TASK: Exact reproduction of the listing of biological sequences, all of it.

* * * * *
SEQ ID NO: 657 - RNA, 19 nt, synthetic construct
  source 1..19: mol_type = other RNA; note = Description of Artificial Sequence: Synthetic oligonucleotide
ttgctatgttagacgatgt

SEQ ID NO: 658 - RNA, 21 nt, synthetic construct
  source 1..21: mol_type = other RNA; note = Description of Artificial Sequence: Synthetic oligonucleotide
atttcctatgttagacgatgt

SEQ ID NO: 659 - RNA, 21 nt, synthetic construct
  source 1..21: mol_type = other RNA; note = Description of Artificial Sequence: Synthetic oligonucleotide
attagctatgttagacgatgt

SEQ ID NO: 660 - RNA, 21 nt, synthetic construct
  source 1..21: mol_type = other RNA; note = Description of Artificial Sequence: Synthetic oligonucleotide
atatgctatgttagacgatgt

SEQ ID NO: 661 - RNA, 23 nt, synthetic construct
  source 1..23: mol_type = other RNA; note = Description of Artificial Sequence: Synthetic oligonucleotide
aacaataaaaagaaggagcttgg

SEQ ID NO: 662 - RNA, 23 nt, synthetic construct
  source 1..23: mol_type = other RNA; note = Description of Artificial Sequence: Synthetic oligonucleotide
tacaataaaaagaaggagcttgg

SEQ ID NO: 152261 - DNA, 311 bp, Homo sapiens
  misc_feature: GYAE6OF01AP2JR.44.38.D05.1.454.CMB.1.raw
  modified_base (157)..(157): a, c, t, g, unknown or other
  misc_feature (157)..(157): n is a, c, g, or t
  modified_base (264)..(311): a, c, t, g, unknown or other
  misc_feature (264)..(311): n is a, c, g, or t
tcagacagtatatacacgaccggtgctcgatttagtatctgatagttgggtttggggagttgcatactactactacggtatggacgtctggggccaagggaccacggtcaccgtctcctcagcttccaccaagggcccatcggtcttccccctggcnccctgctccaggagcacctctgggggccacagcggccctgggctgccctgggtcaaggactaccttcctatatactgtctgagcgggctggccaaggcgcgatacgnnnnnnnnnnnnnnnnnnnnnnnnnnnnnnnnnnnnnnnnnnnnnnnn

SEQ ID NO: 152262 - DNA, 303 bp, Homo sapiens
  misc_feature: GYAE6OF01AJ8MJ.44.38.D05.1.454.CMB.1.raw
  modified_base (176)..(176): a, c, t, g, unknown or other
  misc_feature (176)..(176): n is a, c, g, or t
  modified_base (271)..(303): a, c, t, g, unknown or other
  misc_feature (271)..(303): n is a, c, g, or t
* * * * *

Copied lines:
SEQ ID NO: 657 - RNA, 19 nt, synthetic construct
  source 1..19: mol_type = other RNA; note = Description of Artificial Sequence: Synthetic oligonucleotide
ttgctatgttagacgatgt

SEQ ID NO: 658 - RNA, 21 nt, synthetic construct
  source 1..21: mol_type = other RNA; note = Description of Artificial Sequence: Synthetic oligonucleotide
atttcctatgttagacgatgt

SEQ ID NO: 659 - RNA, 21 nt, synthetic construct
  source 1..21: mol_type = other RNA; note = Description of Artificial Sequence: Synthetic oligonucleotide
attagctatgttagacgatgt

SEQ ID NO: 660 - RNA, 21 nt, synthetic construct
  source 1..21: mol_type = other RNA; note = Description of Artificial Sequence: Synthetic oligonucleotide
atatgctatgttagacgatgt

SEQ ID NO: 661 - RNA, 23 nt, synthetic construct
  source 1..23: mol_type = other RNA; note = Description of Artificial Sequence: Synthetic oligonucleotide
aacaataaaaagaaggagcttgg

SEQ ID NO: 662 - RNA, 23 nt, synthetic construct
  source 1..23: mol_type = other RNA; note = Description of Artificial Sequence: Synthetic oligonucleotide
tacaataaaaagaaggagcttgg

SEQ ID NO: 152261 - DNA, 311 bp, Homo sapiens
  misc_feature: GYAE6OF01AP2JR.44.38.D05.1.454.CMB.1.raw
  modified_base (157)..(157): a, c, t, g, unknown or other
  misc_feature (157)..(157): n is a, c, g, or t
  modified_base (264)..(311): a, c, t, g, unknown or other
  misc_feature (264)..(311): n is a, c, g, or t
tcagacagtatatacacgaccggtgctcgatttagtatctgatagttgggtttggggagttgcatactactactacggtatggacgtctggggccaagggaccacggtcaccgtctcctcagcttccaccaagggcccatcggtcttccccctggcnccctgctccaggagcacctctgggggccacagcggccctgggctgccctgggtcaaggactaccttcctatatactgtctgagcgggctggccaaggcgcgatacgnnnnnnnnnnnnnnnnnnnnnnnnnnnnnnnnnnnnnnnnnnnnnnnn

SEQ ID NO: 152262 - DNA, 303 bp, Homo sapiens
  misc_feature: GYAE6OF01AJ8MJ.44.38.D05.1.454.CMB.1.raw
  modified_base (176)..(176): a, c, t, g, unknown or other
  misc_feature (176)..(176): n is a, c, g, or t
  modified_base (271)..(303): a, c, t, g, unknown or other
  misc_feature (271)..(303): n is a, c, g, or t